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Howlin' Wolf, 12PM
Over a dozen NOLA spots offer their best bloodies, plus food
Magnolia Yoga Studio, 1PM
Free female-led discussion and open house
Playmakers Theater, 2PM
Final staging of drama about painter Mark Rothko
Maple Leaf Bar, 3PM
5th annual boil commemorating the life of the beloved chef and musician
Woonderland Production Studios, 3PM
Live music, drinks, water slides, more
Audubon Park, 5PM
LPO Woodwind Quintet performs
Local trad jazz masters
Tubby & Coo's Mid-City Book Shop, 6PM
Bring games, or join one at the store
Howlin’ Wolf Den, 10PM
Mix of brass standards and funky covers
Spotted Cat, 10PM
Boundary pushing fusion jazz
Maple Leaf, 10PM
Krown on the B3 with Russell Batiste and Walter “Wolfman” Washington
Beasts of the Southern Wild Receives Four Oscar Nods
Beasts of the Southern Wild director and New Orleans resident Benh Zeitlin has swept the independent awards circuit, but today’s news about the film’s Oscar nominations bumps Zeitlin and his cast into a new category. The Academy seems to have been as impressed as Sundance and Cannes, and Beasts and the movie's cast are up for a number of statues, including Best Picture.
Zeitlin is also up for Best Director, and nine-yer-old Quvenzhane Wallis is up for Best Actress, making her the youngest female player ever to score a nod. Lucy Alibar and Zeitlin co-wrote the film, and they are up for Best Adapted Screenplay.
For those who ignored the hype, Beasts takes viewers into a fictional land called “The Bathtub,” named for its lack of levee protection. When a flood comes, stubborn residents remain in their homes, devoted to their unique way of life. Obvious parallels to South Louisiana aside, the film is a mythical journey with characters as complicated and beautiful as the swampland they inhabit.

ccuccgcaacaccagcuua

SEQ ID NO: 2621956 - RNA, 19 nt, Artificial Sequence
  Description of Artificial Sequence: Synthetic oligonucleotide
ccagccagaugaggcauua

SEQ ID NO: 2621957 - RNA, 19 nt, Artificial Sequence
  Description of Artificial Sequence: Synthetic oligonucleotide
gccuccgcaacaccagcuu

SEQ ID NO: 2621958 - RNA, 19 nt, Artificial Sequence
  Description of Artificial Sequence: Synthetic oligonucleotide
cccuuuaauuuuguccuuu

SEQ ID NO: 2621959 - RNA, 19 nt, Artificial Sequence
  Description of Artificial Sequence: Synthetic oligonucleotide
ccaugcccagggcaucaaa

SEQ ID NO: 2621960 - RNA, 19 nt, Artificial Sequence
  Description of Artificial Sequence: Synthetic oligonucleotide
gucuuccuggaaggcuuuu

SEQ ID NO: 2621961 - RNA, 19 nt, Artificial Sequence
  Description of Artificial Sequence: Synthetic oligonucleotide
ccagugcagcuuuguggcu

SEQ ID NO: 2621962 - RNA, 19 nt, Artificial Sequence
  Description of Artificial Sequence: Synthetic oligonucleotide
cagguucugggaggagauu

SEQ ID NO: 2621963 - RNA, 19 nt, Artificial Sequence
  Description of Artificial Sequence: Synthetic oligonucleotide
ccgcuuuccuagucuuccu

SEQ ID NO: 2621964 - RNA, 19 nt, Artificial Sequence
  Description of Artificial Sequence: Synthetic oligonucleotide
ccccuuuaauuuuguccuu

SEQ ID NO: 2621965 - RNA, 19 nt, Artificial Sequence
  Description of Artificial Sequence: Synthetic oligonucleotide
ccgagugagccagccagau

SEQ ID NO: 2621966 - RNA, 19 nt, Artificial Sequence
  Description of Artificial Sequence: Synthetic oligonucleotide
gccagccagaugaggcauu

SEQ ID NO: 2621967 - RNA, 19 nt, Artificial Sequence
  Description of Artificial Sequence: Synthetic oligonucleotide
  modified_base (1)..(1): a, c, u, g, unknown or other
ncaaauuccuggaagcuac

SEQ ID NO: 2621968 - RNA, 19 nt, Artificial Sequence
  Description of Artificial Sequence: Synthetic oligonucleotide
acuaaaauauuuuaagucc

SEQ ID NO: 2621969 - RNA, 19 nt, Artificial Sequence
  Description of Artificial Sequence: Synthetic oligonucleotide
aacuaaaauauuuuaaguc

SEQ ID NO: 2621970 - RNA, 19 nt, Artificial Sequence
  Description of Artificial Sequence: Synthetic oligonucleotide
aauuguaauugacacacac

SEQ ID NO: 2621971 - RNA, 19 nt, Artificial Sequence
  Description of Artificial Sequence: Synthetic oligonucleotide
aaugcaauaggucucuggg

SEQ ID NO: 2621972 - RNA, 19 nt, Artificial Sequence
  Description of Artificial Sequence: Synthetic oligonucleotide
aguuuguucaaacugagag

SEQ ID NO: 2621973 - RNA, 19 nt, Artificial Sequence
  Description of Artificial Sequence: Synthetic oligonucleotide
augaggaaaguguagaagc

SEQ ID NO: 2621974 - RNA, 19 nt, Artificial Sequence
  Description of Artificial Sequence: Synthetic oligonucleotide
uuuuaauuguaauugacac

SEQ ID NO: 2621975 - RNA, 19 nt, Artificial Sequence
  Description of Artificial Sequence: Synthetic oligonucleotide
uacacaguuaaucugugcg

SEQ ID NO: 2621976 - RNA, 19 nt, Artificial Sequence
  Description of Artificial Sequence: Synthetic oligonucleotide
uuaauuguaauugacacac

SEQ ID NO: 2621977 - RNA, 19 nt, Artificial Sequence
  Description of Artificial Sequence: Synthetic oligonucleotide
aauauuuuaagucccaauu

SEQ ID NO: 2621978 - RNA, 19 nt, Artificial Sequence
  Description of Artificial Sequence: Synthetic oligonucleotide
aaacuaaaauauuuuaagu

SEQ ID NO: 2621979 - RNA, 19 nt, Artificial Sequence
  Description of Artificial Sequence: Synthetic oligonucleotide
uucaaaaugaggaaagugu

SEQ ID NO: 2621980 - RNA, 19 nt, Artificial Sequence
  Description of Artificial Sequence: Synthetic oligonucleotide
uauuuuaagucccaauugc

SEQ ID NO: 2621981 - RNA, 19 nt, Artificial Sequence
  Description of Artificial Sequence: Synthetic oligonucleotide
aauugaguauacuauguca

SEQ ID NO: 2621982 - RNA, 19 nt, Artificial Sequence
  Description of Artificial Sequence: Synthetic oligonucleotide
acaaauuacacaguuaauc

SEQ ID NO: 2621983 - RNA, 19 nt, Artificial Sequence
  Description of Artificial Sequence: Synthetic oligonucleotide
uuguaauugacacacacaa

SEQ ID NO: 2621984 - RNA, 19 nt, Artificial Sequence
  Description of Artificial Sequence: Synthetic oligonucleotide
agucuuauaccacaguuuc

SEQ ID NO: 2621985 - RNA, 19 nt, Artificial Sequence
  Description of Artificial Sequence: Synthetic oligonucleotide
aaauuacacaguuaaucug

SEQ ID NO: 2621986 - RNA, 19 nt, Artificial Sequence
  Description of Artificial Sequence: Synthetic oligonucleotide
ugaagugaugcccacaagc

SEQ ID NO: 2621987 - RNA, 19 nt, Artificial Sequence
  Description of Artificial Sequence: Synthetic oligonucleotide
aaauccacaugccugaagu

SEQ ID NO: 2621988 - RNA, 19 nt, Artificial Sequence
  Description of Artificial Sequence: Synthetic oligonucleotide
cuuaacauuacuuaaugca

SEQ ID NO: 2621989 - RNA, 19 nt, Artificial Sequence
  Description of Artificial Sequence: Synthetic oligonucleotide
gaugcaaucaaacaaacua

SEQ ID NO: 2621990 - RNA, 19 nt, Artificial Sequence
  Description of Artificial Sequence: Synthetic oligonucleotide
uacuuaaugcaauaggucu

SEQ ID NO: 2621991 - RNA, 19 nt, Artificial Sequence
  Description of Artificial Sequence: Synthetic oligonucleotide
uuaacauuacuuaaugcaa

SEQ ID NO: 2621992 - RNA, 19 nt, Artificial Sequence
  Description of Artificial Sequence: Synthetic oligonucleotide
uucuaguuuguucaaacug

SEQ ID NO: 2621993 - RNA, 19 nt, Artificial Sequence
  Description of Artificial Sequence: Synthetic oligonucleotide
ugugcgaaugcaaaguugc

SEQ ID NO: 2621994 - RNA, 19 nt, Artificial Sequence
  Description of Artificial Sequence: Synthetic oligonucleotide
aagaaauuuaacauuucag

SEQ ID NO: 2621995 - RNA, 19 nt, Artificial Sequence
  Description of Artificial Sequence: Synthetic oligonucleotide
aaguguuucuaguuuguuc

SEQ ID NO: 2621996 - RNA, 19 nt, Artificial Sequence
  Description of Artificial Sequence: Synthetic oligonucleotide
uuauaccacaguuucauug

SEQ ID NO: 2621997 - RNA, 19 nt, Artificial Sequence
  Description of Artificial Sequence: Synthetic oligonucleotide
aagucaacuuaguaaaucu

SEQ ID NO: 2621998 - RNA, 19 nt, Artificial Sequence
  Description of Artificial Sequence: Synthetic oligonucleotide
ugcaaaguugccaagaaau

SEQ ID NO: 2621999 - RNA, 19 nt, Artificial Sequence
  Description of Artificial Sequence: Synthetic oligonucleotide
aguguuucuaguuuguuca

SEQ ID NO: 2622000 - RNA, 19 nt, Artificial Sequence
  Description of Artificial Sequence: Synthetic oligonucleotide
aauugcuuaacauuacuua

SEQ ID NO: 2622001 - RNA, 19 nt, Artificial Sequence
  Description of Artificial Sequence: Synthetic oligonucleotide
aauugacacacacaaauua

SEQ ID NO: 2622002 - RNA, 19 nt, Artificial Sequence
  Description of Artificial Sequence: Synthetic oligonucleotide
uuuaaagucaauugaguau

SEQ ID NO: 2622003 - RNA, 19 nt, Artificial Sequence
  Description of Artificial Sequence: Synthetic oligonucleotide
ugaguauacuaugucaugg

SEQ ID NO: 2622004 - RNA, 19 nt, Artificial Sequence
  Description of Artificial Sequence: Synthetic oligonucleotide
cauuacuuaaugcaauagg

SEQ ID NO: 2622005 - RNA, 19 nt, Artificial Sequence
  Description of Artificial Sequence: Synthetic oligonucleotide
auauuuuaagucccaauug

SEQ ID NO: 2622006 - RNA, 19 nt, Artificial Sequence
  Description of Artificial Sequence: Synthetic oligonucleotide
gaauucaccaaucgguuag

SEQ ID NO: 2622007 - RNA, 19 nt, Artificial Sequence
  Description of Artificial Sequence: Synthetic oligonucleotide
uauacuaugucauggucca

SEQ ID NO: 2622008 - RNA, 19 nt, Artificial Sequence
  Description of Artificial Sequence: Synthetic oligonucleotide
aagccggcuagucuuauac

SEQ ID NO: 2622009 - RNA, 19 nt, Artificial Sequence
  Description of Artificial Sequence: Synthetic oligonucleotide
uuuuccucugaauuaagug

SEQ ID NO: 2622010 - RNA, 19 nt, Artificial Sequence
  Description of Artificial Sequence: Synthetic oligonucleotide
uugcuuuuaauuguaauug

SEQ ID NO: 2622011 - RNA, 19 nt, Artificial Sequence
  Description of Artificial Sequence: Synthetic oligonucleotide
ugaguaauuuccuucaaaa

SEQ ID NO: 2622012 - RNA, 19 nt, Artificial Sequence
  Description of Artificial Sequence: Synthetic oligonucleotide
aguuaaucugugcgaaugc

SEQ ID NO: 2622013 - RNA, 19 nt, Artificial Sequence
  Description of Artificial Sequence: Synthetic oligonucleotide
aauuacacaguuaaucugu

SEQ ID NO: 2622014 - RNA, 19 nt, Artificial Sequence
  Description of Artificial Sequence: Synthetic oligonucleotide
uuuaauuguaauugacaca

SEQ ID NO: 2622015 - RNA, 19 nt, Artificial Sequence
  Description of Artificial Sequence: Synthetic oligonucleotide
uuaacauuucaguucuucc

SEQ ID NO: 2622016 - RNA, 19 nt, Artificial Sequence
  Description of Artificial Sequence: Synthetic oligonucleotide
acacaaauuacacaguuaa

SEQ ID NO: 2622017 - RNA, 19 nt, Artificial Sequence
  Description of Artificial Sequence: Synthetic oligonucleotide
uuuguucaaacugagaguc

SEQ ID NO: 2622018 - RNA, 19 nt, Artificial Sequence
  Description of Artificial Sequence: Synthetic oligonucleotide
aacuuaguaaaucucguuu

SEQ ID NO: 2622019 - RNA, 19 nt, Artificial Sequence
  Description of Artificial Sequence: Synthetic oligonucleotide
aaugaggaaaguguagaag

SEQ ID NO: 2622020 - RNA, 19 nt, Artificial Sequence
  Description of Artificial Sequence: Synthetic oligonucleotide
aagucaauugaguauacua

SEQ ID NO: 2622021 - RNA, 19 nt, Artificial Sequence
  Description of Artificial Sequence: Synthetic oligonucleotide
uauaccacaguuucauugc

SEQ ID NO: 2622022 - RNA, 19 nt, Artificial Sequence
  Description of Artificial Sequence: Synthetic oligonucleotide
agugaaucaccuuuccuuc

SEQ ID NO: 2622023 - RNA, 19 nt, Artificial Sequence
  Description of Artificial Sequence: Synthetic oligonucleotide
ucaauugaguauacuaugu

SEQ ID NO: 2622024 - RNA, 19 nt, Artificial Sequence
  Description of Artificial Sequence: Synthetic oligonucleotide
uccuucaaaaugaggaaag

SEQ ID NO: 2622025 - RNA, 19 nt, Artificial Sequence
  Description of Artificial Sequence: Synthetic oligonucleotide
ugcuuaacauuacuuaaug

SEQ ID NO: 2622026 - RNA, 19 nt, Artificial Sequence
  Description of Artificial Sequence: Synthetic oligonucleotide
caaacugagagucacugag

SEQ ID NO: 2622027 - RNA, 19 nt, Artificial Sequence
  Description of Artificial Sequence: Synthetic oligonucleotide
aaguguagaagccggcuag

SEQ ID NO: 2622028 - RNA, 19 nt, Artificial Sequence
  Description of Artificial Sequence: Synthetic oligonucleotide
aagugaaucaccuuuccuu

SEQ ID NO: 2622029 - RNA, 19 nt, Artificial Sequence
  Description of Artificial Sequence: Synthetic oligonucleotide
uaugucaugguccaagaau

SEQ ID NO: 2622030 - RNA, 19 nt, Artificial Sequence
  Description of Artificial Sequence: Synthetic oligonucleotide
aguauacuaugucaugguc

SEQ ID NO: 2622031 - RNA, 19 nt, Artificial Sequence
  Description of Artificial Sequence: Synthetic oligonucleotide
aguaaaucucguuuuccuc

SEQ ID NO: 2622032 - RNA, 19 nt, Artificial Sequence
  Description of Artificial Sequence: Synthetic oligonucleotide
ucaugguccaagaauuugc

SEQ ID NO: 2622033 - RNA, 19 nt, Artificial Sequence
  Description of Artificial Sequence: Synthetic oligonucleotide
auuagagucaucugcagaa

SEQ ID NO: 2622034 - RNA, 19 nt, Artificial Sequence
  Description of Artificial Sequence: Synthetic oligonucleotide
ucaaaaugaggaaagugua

One of the most impressive aspects of Beasts was its cast. Although most of the actors weren’t established, they all performed with a sincerity that often takes years of training to cultivate. Zeitlin isn’t a native, but he seemed to have made a point to cast them in his film.
Dwight Henry (owner of Buttermilk Drop) played “Wink,” the harsh yet endearing father of Hushpuppy, played by Houma native Wallis. Although she was only six during filming, Wallis proved herself as a mature, multi-faceted actress in her role as the fierce yet delicate Hushpuppy. Hopefully, Zeitlin remains in Louisiana and keeps putting local talents on the silver screen.
Evan Z.E. Hammond, Dead Huey, Andrew Smith
Michael Weber, B.A.
B. E. Mintz